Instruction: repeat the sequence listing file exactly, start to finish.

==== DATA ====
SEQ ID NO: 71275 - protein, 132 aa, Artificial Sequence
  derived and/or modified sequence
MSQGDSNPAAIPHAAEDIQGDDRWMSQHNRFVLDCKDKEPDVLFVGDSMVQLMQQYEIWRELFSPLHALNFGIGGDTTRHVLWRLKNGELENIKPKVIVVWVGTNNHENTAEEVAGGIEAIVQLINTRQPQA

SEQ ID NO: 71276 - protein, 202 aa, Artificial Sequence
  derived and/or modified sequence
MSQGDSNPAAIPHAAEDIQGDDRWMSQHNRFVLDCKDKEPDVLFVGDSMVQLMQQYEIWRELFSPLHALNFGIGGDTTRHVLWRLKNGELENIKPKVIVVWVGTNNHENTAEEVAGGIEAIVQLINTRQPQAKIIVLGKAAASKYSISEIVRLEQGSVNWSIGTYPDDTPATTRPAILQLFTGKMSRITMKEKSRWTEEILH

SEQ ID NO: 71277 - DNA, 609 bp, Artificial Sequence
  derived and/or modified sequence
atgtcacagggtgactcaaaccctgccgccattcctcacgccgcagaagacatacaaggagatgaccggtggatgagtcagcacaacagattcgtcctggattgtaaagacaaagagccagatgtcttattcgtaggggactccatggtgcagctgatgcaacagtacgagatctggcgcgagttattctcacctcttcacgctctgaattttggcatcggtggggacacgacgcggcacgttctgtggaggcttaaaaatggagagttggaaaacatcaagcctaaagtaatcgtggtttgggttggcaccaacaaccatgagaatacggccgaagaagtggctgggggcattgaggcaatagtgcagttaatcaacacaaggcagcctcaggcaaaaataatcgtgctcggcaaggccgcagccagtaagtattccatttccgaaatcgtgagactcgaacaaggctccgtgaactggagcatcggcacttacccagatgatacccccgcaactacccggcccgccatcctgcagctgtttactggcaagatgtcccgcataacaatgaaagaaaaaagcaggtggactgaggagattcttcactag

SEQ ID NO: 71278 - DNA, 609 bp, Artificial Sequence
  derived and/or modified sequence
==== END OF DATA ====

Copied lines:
SEQ ID NO: 71275 - protein, 132 aa, Artificial Sequence
  derived and/or modified sequence
MSQGDSNPAAIPHAAEDIQGDDRWMSQHNRFVLDCKDKEPDVLFVGDSMVQLMQQYEIWRELFSPLHALNFGIGGDTTRHVLWRLKNGELENIKPKVIVVWVGTNNHENTAEEVAGGIEAIVQLINTRQPQA

SEQ ID NO: 71276 - protein, 202 aa, Artificial Sequence
  derived and/or modified sequence
MSQGDSNPAAIPHAAEDIQGDDRWMSQHNRFVLDCKDKEPDVLFVGDSMVQLMQQYEIWRELFSPLHALNFGIGGDTTRHVLWRLKNGELENIKPKVIVVWVGTNNHENTAEEVAGGIEAIVQLINTRQPQAKIIVLGKAAASKYSISEIVRLEQGSVNWSIGTYPDDTPATTRPAILQLFTGKMSRITMKEKSRWTEEILH

SEQ ID NO: 71277 - DNA, 609 bp, Artificial Sequence
  derived and/or modified sequence
atgtcacagggtgactcaaaccctgccgccattcctcacgccgcagaagacatacaaggagatgaccggtggatgagtcagcacaacagattcgtcctggattgtaaagacaaagagccagatgtcttattcgtaggggactccatggtgcagctgatgcaacagtacgagatctggcgcgagttattctcacctcttcacgctctgaattttggcatcggtggggacacgacgcggcacgttctgtggaggcttaaaaatggagagttggaaaacatcaagcctaaagtaatcgtggtttgggttggcaccaacaaccatgagaatacggccgaagaagtggctgggggcattgaggcaatagtgcagttaatcaacacaaggcagcctcaggcaaaaataatcgtgctcggcaaggccgcagccagtaagtattccatttccgaaatcgtgagactcgaacaaggctccgtgaactggagcatcggcacttacccagatgatacccccgcaactacccggcccgccatcctgcagctgtttactggcaagatgtcccgcataacaatgaaagaaaaaagcaggtggactgaggagattcttcactag

SEQ ID NO: 71278 - DNA, 609 bp, Artificial Sequence
  derived and/or modified sequence